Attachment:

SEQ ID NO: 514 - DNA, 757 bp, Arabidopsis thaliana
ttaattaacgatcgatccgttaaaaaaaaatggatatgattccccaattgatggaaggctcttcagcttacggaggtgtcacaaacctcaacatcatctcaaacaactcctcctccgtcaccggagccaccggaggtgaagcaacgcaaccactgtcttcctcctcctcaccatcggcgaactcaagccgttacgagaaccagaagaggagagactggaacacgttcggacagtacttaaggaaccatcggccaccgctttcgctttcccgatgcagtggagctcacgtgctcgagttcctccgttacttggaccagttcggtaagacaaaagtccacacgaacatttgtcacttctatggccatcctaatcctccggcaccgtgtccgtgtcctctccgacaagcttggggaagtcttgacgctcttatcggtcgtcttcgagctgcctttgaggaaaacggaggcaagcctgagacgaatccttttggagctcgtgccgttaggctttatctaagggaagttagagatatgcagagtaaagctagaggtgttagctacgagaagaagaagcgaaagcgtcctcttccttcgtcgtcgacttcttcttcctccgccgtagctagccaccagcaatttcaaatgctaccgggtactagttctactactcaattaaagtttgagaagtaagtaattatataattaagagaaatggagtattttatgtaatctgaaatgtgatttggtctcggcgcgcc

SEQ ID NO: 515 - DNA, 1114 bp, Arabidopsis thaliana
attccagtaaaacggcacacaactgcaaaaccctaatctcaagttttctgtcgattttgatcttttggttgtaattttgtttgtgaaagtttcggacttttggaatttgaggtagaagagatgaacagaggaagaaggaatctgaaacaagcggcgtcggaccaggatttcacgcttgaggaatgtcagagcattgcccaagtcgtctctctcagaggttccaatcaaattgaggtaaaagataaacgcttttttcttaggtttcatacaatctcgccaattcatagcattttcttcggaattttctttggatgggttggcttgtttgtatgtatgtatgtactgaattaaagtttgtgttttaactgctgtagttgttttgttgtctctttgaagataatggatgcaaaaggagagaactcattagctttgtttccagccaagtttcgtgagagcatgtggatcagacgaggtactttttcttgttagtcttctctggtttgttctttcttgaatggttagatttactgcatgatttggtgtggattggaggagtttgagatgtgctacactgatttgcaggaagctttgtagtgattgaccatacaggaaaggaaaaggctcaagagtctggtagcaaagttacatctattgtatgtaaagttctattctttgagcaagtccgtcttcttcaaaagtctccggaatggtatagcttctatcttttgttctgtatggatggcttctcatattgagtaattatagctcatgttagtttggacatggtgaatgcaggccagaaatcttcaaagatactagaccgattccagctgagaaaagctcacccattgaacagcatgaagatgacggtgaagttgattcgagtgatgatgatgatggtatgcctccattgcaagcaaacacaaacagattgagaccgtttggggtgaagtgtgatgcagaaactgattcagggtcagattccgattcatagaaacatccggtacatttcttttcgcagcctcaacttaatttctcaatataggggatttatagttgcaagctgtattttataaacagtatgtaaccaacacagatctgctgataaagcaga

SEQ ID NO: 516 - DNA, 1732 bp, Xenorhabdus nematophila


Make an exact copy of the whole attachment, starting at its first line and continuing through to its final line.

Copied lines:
SEQ ID NO: 514 - DNA, 757 bp, Arabidopsis thaliana
ttaattaacgatcgatccgttaaaaaaaaatggatatgattccccaattgatggaaggctcttcagcttacggaggtgtcacaaacctcaacatcatctcaaacaactcctcctccgtcaccggagccaccggaggtgaagcaacgcaaccactgtcttcctcctcctcaccatcggcgaactcaagccgttacgagaaccagaagaggagagactggaacacgttcggacagtacttaaggaaccatcggccaccgctttcgctttcccgatgcagtggagctcacgtgctcgagttcctccgttacttggaccagttcggtaagacaaaagtccacacgaacatttgtcacttctatggccatcctaatcctccggcaccgtgtccgtgtcctctccgacaagcttggggaagtcttgacgctcttatcggtcgtcttcgagctgcctttgaggaaaacggaggcaagcctgagacgaatccttttggagctcgtgccgttaggctttatctaagggaagttagagatatgcagagtaaagctagaggtgttagctacgagaagaagaagcgaaagcgtcctcttccttcgtcgtcgacttcttcttcctccgccgtagctagccaccagcaatttcaaatgctaccgggtactagttctactactcaattaaagtttgagaagtaagtaattatataattaagagaaatggagtattttatgtaatctgaaatgtgatttggtctcggcgcgcc

SEQ ID NO: 515 - DNA, 1114 bp, Arabidopsis thaliana
attccagtaaaacggcacacaactgcaaaaccctaatctcaagttttctgtcgattttgatcttttggttgtaattttgtttgtgaaagtttcggacttttggaatttgaggtagaagagatgaacagaggaagaaggaatctgaaacaagcggcgtcggaccaggatttcacgcttgaggaatgtcagagcattgcccaagtcgtctctctcagaggttccaatcaaattgaggtaaaagataaacgcttttttcttaggtttcatacaatctcgccaattcatagcattttcttcggaattttctttggatgggttggcttgtttgtatgtatgtatgtactgaattaaagtttgtgttttaactgctgtagttgttttgttgtctctttgaagataatggatgcaaaaggagagaactcattagctttgtttccagccaagtttcgtgagagcatgtggatcagacgaggtactttttcttgttagtcttctctggtttgttctttcttgaatggttagatttactgcatgatttggtgtggattggaggagtttgagatgtgctacactgatttgcaggaagctttgtagtgattgaccatacaggaaaggaaaaggctcaagagtctggtagcaaagttacatctattgtatgtaaagttctattctttgagcaagtccgtcttcttcaaaagtctccggaatggtatagcttctatcttttgttctgtatggatggcttctcatattgagtaattatagctcatgttagtttggacatggtgaatgcaggccagaaatcttcaaagatactagaccgattccagctgagaaaagctcacccattgaacagcatgaagatgacggtgaagttgattcgagtgatgatgatgatggtatgcctccattgcaagcaaacacaaacagattgagaccgtttggggtgaagtgtgatgcagaaactgattcagggtcagattccgattcatagaaacatccggtacatttcttttcgcagcctcaacttaatttctcaatataggggatttatagttgcaagctgtattttataaacagtatgtaaccaacacagatctgctgataaagcaga

SEQ ID NO: 516 - DNA, 1732 bp, Xenorhabdus nematophila